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Road to Nowhere

Kevin Smith repeats himself with Clerks II.

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Kevin Smith really isn't much of a filmmaker. Watching Clerks II, his return to the characters and locations of the 1994 debut that made him a star, the obvious is underscored. One of the reasons Clerks was so good was that it was so simple. Using minimal sets and stationary cameras, the film kept the focus on Smith's strengths: his snarky, knowing dialogue and his lovingly, realistically drawn characters.

In Clerks II, Smith forgoes the style of the earlier film, with color photography and a more active camera. At one point two characters get into an argument, and the camera spins around them, not heightening the drama of the scene so much as making you dizzy. You want to leap through the frame and grab the cameraman.

Set a decade after the first film, clerks Dante (Brian O'Halloran) and Randal (Jeff Anderson) are now flipping burgers at fast-food joint Mooby's, their beloved quickie mart/video store having caught fire and closed down a year earlier. Smith acknowledges Dante and Randal's stasis with his choice of opening-credit music: the Talking Heads' "Road to Nowhere."

Randal is still happily stuck in Neverland, but Dante is trying to create a new life, getting ready to move south with a moneyed, blond, hottie fiancée whose family has promised to set him up with a house and job. (The movie offers an explanation why this woman has fallen for a dumpy, thirtysomething fast-food worker, but it isn't very convincing.)

The conflict in the film comes from Randal's fear of losing his lifelong best friend and Dante being torn between a new life with his fiancée and his attraction to the lovely Mooby's manager, Becky, played by Rosario Dawson. Dawson's presence seems to inspire the film's one flight of fancy, a dance sequence that starts with Becky teaching Dante how to dance up on the roof of the restaurant.

Smith peppers Clerks II with the same kind of sex jokes and potty humor that the first film was infused with, but it all seems more flat and derivative this time.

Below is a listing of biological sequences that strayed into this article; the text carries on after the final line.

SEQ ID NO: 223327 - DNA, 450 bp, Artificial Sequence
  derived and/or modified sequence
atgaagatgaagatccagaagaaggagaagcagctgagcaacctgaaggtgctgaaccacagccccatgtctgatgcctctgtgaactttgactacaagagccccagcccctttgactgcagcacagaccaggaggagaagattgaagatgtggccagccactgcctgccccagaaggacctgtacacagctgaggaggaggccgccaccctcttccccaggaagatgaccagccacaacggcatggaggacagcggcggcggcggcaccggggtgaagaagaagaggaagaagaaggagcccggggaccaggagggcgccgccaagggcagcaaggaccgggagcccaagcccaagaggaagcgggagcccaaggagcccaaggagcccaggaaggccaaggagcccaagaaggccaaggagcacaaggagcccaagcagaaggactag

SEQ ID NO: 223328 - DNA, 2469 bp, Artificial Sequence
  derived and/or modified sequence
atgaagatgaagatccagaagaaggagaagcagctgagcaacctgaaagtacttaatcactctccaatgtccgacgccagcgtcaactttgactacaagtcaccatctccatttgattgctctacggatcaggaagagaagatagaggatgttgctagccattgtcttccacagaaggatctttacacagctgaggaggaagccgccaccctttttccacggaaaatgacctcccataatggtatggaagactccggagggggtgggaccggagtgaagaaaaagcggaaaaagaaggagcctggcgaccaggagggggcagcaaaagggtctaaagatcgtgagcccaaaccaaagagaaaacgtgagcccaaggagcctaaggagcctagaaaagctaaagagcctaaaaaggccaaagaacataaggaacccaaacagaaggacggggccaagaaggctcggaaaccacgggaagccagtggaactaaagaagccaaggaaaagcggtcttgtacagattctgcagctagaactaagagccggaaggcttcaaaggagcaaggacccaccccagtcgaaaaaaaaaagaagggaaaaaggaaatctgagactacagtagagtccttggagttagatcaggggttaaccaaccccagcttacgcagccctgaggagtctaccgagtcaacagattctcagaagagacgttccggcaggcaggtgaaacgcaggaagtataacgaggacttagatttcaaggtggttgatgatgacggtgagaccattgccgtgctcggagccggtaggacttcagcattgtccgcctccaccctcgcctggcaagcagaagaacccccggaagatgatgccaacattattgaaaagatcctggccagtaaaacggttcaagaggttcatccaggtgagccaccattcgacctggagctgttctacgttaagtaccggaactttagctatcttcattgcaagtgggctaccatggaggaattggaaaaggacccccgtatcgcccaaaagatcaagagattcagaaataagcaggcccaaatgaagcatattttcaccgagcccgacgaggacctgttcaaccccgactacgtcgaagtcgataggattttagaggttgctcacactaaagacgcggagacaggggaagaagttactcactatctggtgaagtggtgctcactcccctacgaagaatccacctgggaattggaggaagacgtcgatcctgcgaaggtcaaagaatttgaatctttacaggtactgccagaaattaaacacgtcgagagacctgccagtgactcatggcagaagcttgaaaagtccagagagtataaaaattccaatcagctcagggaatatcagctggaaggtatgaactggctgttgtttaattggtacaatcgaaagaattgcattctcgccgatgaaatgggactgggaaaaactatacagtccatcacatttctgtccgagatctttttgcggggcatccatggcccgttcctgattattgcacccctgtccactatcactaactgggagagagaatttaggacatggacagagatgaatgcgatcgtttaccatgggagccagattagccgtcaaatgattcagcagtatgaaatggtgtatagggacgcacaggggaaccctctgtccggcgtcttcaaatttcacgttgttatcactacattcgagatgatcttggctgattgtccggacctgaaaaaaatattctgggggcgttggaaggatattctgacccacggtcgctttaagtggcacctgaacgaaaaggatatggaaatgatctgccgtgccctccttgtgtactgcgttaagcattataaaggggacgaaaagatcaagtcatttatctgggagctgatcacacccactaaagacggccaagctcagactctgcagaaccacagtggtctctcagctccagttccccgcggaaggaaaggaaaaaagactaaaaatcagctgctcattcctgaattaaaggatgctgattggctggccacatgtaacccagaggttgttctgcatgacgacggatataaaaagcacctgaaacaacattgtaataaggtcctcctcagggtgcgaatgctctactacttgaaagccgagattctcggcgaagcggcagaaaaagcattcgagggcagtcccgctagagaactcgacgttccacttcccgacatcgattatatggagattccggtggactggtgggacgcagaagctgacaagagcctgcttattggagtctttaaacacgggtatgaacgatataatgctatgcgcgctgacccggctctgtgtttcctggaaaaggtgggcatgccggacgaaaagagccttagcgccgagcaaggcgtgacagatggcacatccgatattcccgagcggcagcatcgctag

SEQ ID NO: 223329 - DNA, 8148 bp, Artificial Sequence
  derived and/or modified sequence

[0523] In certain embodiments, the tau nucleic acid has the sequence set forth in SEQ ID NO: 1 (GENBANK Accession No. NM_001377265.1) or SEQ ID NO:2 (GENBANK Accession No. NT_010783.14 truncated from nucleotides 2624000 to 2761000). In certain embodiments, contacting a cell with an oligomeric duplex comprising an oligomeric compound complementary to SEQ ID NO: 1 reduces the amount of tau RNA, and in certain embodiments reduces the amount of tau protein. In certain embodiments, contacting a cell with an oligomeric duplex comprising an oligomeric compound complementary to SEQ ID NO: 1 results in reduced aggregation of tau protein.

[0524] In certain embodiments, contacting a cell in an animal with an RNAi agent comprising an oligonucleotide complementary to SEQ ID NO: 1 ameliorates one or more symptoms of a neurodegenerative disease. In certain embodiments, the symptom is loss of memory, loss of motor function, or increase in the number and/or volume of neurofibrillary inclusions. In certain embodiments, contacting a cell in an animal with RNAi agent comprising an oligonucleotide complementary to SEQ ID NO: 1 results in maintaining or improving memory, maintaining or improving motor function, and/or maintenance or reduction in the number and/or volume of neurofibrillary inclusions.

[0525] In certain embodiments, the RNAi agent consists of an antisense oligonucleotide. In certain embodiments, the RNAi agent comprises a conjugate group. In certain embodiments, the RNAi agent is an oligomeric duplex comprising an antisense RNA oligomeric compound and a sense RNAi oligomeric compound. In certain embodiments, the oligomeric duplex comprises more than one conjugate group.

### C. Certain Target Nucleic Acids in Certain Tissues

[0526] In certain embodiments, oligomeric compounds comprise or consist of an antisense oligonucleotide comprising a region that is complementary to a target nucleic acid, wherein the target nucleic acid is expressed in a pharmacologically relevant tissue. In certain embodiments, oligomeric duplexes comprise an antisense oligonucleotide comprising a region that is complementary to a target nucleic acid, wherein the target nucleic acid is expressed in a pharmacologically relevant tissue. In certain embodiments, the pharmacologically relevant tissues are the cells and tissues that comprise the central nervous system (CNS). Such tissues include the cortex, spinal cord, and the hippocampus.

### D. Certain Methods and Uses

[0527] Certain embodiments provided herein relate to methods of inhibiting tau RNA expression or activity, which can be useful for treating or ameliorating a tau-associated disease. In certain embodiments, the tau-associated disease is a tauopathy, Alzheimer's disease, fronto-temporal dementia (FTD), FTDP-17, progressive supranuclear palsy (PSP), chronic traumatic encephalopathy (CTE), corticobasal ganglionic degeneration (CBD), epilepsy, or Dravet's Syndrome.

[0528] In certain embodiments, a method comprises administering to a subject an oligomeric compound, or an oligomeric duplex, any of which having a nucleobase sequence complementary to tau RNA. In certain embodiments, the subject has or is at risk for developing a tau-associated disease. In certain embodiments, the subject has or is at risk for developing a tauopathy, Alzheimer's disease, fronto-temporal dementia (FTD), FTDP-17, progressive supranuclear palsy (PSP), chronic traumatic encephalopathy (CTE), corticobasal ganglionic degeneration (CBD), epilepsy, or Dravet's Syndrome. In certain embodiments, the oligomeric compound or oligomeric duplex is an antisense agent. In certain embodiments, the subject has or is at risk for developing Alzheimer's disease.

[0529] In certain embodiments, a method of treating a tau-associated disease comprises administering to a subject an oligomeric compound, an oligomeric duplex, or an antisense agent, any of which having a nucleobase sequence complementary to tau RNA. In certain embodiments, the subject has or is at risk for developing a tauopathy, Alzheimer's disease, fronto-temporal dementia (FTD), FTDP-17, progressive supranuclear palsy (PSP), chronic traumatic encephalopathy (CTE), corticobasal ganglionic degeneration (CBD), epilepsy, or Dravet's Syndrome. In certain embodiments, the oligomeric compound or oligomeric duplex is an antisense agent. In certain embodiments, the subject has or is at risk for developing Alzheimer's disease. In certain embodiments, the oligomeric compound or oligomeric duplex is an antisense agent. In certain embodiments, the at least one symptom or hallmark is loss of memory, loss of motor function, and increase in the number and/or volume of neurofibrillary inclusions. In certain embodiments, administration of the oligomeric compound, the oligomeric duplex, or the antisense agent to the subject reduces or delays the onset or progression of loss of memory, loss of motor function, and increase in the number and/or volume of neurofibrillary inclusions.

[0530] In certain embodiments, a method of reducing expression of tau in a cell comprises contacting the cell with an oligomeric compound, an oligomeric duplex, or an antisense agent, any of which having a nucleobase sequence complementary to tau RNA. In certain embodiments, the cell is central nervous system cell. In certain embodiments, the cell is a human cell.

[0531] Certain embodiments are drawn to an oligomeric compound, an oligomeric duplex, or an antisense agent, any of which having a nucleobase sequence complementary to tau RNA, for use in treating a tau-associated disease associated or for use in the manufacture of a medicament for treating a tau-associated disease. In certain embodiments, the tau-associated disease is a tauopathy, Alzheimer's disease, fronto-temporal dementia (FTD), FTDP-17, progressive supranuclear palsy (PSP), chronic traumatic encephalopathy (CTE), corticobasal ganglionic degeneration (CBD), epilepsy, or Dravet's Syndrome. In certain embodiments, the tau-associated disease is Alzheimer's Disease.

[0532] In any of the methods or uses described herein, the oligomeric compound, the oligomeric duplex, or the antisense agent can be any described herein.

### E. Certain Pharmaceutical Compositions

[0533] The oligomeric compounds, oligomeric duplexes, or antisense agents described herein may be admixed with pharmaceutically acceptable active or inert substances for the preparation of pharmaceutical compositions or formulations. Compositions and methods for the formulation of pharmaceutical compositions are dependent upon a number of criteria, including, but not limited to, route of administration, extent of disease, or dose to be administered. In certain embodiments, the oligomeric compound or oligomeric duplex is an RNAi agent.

There's a gratuitous riff on racial slurs that apes similar scenes in Spike Lee movies, but Smith completely falls off the tightrope. This type of button pushing has worked for Smith before, most notably in Chasing Amy, where the respect for every different type of character put the movie on firm ground. Here, Smith seems to be taking unseemly liberties.

Even worse is a climactic scene that combines bestiality with a romantic moment of truth. (Yes, you read that correctly.) This is Farrelly brothers territory, and the scene should build through a series of outrageous moments to a crescendo of laughs. You can sense how the scene is constructed to accomplish this, but you never feel it. Smith just isn't sharp enough to pull it off.

Clerks II doesn't feel like a movie that needed to be made, especially since Smith has already made it. And I don't mean the first Clerks. I'm talking about 1997's Chasing Amy, which contained most of the qualities and tackled most of the themes of Clerks II with far greater success. In that movie, Dante's Everyman persona and Randal's jackass sidekick were inhabited by real actors -- Ben Affleck and Jason Lee. Like Clerks II, it was concerned with the plight of the standard Kevin Smith hero as he tried to overcome Peter Pan syndrome and find adult love. It had a quirky, sexually available dream girl. And, in Chasing Amy, Smith's shock language and politically incorrect bits felt earned -- genuinely funny and even insightful.

Clerks II feels like a safety move by a filmmaker unsure about where to go next. It's genial and optimistic in the same way that's helped much of Smith's work overcome its limitations. But it just isn't very good.

Clerks II

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